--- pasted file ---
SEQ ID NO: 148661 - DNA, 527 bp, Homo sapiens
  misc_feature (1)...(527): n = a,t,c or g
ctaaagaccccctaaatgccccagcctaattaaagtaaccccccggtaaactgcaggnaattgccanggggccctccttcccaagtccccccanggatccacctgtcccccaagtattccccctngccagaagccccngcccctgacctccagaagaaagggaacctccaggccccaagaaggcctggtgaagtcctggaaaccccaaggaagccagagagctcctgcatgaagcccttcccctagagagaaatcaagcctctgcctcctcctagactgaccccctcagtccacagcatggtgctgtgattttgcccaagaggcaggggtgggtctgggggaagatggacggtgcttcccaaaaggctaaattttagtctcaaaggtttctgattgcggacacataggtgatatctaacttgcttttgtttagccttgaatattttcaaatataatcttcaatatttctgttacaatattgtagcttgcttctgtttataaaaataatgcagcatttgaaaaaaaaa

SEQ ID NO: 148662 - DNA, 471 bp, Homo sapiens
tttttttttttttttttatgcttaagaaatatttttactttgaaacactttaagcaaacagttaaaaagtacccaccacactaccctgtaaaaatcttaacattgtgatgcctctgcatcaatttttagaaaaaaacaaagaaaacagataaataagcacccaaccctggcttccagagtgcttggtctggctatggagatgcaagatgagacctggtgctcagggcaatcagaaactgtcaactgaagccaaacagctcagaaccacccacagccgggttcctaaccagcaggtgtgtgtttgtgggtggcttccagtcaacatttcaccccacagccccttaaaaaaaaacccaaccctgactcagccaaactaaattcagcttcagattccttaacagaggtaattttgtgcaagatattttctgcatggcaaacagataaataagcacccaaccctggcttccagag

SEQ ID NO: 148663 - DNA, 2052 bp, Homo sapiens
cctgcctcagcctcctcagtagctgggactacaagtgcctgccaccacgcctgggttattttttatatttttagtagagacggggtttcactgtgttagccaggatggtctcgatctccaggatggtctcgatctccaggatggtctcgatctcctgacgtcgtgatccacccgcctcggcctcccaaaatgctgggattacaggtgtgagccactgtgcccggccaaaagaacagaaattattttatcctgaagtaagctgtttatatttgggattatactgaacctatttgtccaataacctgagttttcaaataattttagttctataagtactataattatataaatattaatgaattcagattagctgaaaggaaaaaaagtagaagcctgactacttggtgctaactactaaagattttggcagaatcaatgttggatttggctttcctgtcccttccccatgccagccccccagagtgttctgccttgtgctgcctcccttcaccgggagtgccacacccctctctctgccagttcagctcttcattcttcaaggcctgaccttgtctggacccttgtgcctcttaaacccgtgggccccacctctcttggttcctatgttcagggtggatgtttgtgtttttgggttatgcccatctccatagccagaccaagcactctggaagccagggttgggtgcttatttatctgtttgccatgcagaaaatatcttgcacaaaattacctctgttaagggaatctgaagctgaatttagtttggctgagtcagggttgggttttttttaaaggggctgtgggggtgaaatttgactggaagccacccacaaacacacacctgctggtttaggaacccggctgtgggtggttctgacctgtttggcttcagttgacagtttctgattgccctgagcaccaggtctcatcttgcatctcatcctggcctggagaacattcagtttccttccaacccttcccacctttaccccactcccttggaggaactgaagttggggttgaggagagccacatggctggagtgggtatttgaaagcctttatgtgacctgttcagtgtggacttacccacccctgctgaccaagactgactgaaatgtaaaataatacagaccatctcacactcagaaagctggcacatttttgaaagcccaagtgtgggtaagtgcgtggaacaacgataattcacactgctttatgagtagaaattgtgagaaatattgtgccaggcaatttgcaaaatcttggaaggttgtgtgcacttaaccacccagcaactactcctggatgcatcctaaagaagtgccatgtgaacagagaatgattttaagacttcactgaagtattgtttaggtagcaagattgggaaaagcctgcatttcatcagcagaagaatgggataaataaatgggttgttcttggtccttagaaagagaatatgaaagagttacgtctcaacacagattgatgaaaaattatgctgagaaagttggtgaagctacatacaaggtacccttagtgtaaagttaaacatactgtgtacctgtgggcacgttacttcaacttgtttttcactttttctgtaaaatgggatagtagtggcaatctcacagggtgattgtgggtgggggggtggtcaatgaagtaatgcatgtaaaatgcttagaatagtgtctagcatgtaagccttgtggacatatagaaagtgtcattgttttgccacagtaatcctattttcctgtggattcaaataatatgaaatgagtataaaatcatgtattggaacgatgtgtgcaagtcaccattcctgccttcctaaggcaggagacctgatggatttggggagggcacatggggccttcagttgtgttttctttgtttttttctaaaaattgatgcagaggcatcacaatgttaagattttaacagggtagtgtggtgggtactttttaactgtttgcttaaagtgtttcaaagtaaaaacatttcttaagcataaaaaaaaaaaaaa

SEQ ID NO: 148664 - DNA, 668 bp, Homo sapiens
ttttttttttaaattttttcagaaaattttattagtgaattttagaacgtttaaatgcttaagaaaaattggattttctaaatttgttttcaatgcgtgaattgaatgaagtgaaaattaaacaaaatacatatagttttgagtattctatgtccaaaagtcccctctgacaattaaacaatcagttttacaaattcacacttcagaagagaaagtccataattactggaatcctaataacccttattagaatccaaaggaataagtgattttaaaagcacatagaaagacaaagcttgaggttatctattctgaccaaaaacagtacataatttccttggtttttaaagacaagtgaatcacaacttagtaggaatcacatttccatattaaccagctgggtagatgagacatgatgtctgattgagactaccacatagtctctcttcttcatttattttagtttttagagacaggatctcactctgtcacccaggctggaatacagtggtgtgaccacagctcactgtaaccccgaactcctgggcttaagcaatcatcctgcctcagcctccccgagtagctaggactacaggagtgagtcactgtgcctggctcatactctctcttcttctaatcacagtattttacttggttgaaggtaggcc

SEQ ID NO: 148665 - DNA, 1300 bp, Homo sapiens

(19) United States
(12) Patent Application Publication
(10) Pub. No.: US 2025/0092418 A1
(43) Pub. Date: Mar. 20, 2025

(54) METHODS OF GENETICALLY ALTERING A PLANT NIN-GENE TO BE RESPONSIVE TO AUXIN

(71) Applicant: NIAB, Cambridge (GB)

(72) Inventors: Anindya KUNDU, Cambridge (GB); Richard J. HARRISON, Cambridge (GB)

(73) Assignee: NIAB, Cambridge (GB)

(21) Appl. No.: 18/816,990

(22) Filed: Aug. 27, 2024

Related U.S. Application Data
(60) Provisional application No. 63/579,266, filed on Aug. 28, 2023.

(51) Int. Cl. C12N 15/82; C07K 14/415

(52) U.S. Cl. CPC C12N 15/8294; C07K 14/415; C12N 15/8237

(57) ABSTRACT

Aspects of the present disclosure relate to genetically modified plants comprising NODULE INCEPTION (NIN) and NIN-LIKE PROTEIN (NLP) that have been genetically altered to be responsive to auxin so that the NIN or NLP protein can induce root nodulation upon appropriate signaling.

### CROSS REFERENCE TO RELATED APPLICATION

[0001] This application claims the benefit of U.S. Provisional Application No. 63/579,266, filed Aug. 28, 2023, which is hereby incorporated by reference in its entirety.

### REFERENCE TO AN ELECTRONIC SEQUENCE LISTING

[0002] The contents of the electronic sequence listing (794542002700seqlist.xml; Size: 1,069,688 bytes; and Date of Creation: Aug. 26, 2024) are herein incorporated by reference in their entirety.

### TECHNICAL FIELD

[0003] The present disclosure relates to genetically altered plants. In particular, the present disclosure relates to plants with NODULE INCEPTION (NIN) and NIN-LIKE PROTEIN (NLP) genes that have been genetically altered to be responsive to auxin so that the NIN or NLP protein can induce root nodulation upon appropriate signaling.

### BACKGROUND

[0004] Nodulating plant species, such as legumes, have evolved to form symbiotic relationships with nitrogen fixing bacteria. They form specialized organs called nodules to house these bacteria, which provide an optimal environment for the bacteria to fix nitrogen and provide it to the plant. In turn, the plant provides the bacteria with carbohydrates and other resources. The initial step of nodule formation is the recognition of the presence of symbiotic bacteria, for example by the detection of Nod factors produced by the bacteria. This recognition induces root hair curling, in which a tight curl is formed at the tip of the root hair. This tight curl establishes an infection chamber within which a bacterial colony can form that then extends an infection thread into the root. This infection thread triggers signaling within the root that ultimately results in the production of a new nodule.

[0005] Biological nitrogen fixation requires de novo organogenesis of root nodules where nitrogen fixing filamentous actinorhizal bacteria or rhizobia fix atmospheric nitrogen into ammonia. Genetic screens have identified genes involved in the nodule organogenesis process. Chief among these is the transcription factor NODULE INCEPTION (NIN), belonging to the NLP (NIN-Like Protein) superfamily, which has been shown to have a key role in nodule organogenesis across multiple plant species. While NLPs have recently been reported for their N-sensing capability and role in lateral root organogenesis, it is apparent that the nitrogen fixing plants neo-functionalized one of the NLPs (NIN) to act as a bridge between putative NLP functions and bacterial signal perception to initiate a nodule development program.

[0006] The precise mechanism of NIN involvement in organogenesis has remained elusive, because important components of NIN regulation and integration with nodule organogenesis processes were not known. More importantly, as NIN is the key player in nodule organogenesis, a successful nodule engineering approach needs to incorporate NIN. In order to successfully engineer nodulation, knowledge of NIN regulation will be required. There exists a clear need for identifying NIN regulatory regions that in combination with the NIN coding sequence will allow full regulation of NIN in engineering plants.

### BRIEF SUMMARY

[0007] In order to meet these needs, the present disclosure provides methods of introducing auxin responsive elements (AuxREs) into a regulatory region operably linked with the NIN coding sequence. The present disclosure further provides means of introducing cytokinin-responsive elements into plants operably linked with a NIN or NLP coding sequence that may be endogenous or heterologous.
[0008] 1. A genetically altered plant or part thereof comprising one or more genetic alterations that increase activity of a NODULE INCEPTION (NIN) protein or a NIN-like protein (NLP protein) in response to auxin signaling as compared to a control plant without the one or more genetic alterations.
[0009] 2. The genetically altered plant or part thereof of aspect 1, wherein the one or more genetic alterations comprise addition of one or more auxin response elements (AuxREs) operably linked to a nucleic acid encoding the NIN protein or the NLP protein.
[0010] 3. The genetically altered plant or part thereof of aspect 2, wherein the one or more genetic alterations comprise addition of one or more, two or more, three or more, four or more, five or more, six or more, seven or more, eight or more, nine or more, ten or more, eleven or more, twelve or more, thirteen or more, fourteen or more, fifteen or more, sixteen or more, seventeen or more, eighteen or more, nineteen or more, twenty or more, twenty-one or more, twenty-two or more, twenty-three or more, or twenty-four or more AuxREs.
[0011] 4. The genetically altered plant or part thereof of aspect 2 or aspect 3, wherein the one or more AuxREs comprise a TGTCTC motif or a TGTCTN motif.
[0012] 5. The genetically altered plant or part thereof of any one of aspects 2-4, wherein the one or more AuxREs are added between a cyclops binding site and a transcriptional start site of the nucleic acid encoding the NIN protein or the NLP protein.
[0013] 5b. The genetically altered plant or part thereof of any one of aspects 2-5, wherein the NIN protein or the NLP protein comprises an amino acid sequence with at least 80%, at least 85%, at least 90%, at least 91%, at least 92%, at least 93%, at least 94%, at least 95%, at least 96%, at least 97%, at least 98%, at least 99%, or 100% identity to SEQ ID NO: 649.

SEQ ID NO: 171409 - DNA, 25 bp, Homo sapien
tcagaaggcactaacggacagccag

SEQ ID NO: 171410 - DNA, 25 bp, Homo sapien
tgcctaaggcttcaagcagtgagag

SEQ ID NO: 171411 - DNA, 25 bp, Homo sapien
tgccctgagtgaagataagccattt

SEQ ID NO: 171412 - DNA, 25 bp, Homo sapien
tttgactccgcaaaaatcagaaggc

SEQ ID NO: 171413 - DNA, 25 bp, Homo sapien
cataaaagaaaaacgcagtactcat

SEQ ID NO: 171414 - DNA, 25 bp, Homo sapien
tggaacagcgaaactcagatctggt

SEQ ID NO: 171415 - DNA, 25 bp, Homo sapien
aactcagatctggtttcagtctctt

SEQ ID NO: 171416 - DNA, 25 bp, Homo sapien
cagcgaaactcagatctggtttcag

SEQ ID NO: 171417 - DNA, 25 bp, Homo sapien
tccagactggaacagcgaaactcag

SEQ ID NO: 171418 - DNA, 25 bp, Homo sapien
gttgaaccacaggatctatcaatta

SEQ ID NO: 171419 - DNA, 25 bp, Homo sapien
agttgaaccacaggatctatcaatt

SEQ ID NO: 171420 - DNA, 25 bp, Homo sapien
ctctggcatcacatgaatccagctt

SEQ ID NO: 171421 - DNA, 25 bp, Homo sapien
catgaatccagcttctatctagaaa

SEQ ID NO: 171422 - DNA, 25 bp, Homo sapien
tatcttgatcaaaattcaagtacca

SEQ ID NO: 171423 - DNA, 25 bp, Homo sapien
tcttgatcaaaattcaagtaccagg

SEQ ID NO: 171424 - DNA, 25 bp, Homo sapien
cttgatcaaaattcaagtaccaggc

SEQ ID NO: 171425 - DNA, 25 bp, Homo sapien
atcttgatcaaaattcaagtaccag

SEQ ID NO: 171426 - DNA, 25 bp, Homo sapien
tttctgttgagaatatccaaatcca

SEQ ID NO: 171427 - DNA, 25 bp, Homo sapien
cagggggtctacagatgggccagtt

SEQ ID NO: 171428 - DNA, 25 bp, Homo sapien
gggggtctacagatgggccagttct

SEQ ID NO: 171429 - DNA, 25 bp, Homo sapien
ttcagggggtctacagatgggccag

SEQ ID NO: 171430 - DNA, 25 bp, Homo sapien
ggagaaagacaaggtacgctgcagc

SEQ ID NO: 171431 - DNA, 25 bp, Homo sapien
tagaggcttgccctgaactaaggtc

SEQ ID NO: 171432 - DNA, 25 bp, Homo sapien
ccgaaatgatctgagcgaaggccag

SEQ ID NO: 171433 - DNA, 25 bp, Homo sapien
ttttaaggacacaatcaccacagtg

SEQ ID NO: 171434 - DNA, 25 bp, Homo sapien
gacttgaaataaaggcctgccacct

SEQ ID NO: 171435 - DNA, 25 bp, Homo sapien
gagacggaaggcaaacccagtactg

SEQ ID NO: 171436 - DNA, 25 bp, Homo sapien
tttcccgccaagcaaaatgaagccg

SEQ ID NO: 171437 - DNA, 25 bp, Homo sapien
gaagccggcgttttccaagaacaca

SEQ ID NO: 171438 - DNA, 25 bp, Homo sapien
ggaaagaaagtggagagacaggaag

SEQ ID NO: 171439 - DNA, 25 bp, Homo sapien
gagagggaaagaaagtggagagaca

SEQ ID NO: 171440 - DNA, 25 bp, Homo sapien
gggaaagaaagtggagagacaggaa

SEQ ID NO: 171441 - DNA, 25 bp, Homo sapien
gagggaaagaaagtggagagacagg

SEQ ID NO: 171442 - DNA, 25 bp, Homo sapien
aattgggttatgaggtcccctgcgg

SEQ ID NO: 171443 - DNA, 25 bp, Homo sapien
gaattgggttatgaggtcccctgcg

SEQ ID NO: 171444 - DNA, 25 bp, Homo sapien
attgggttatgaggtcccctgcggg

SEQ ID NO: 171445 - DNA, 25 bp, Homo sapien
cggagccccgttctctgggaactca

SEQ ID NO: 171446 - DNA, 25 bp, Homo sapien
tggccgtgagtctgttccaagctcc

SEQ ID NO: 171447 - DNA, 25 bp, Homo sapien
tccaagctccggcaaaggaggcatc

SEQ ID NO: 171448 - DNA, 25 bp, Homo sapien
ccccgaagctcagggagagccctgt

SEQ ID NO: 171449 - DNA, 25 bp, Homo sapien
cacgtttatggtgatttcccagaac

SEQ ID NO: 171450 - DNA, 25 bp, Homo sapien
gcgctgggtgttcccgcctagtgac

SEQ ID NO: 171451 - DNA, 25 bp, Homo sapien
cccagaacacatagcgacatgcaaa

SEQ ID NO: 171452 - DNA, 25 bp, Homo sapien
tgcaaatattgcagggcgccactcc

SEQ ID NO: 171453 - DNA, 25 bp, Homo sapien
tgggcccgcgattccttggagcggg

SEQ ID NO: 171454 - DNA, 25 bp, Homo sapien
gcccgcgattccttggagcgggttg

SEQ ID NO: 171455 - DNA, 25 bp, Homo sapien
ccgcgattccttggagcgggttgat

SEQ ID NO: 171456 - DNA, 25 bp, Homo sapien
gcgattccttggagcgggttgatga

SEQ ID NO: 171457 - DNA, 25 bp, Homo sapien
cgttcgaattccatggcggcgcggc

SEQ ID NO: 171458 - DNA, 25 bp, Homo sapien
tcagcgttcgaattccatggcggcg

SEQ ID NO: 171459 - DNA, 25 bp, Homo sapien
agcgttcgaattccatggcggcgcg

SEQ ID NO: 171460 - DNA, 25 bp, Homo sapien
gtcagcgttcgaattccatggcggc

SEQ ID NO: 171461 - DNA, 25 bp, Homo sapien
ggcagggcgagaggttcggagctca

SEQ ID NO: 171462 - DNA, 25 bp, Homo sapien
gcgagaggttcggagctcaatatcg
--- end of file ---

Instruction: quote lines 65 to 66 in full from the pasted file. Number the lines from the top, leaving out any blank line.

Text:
SEQ ID NO: 171419 - DNA, 25 bp, Homo sapien
agttgaaccacaggatctatcaatt